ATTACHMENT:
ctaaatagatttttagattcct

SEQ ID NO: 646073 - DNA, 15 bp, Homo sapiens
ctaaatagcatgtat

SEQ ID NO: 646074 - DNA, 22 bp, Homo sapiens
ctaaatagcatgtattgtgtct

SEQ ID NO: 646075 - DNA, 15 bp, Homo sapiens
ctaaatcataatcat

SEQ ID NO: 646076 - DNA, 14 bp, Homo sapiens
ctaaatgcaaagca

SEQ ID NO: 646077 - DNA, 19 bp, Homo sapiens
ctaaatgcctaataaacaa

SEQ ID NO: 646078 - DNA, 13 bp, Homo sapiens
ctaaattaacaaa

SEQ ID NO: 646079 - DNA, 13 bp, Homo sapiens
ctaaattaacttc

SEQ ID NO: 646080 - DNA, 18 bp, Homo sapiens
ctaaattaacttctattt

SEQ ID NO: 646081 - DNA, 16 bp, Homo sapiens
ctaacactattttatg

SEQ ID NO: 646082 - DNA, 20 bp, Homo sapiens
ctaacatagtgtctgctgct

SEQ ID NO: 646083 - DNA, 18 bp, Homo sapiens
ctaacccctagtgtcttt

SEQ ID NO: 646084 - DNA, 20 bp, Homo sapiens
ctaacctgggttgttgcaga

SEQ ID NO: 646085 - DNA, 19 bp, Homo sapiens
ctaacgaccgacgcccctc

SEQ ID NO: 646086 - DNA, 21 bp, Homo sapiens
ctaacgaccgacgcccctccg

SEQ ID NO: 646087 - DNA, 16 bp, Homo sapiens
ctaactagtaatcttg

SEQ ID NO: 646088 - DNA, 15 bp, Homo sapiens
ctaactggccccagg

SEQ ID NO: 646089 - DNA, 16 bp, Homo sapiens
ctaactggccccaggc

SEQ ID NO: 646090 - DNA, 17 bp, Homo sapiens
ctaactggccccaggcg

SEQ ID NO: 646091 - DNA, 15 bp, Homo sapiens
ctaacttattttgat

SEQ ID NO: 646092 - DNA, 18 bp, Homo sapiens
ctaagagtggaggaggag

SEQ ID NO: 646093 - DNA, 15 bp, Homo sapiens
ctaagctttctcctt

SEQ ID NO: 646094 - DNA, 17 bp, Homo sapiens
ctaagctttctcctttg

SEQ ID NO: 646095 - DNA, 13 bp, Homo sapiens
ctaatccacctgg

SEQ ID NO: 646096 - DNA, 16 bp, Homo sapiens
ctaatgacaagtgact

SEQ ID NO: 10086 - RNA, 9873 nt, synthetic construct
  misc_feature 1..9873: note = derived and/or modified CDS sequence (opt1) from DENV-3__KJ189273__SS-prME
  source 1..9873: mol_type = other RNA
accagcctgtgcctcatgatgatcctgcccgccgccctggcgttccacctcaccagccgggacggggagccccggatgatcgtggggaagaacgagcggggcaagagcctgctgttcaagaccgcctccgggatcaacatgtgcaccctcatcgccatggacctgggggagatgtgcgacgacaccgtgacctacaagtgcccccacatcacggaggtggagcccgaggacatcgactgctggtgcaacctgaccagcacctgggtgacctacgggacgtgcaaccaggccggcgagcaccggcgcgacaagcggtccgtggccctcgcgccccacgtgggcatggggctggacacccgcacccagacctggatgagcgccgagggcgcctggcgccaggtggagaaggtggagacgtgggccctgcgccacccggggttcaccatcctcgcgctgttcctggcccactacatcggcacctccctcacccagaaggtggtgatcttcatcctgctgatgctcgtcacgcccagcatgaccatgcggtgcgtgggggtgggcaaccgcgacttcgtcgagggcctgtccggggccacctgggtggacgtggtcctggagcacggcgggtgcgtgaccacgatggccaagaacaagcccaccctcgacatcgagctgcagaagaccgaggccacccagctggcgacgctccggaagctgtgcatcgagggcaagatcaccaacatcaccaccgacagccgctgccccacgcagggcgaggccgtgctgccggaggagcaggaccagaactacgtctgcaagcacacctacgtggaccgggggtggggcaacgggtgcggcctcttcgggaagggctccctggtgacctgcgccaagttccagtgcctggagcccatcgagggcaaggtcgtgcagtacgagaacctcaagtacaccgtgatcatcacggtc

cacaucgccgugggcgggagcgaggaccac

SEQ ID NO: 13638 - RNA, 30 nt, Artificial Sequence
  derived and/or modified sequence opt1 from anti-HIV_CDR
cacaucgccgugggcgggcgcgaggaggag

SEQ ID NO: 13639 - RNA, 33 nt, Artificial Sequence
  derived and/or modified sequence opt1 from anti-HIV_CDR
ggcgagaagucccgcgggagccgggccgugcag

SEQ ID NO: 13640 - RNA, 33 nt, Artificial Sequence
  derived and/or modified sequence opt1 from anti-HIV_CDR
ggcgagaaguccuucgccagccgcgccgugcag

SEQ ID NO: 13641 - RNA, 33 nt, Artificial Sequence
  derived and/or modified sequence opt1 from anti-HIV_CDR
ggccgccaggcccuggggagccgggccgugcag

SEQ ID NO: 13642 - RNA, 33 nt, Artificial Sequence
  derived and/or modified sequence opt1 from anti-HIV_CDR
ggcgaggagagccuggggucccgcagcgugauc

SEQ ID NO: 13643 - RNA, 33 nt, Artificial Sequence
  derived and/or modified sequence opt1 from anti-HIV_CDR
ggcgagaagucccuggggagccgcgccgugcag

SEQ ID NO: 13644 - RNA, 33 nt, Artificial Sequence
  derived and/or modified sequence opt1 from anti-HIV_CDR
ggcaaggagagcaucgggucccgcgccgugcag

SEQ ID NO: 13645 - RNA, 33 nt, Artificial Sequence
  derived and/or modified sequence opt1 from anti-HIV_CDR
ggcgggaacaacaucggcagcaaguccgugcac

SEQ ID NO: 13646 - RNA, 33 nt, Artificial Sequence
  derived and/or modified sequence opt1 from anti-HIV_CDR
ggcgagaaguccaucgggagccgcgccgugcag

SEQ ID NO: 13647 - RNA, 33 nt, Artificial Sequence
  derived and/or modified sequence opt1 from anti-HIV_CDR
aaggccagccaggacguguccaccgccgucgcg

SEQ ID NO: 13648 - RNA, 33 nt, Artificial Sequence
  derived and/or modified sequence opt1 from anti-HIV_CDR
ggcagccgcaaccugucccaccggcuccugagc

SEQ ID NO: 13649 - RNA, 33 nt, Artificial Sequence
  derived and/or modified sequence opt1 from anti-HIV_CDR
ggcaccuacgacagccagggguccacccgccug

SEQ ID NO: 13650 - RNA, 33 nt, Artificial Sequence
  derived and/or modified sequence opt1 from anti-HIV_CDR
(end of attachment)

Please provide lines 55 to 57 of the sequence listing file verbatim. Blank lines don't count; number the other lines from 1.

SEQ ID NO: 13638 - RNA, 30 nt, Artificial Sequence
  derived and/or modified sequence opt1 from anti-HIV_CDR
cacaucgccgugggcgggcgcgaggaggag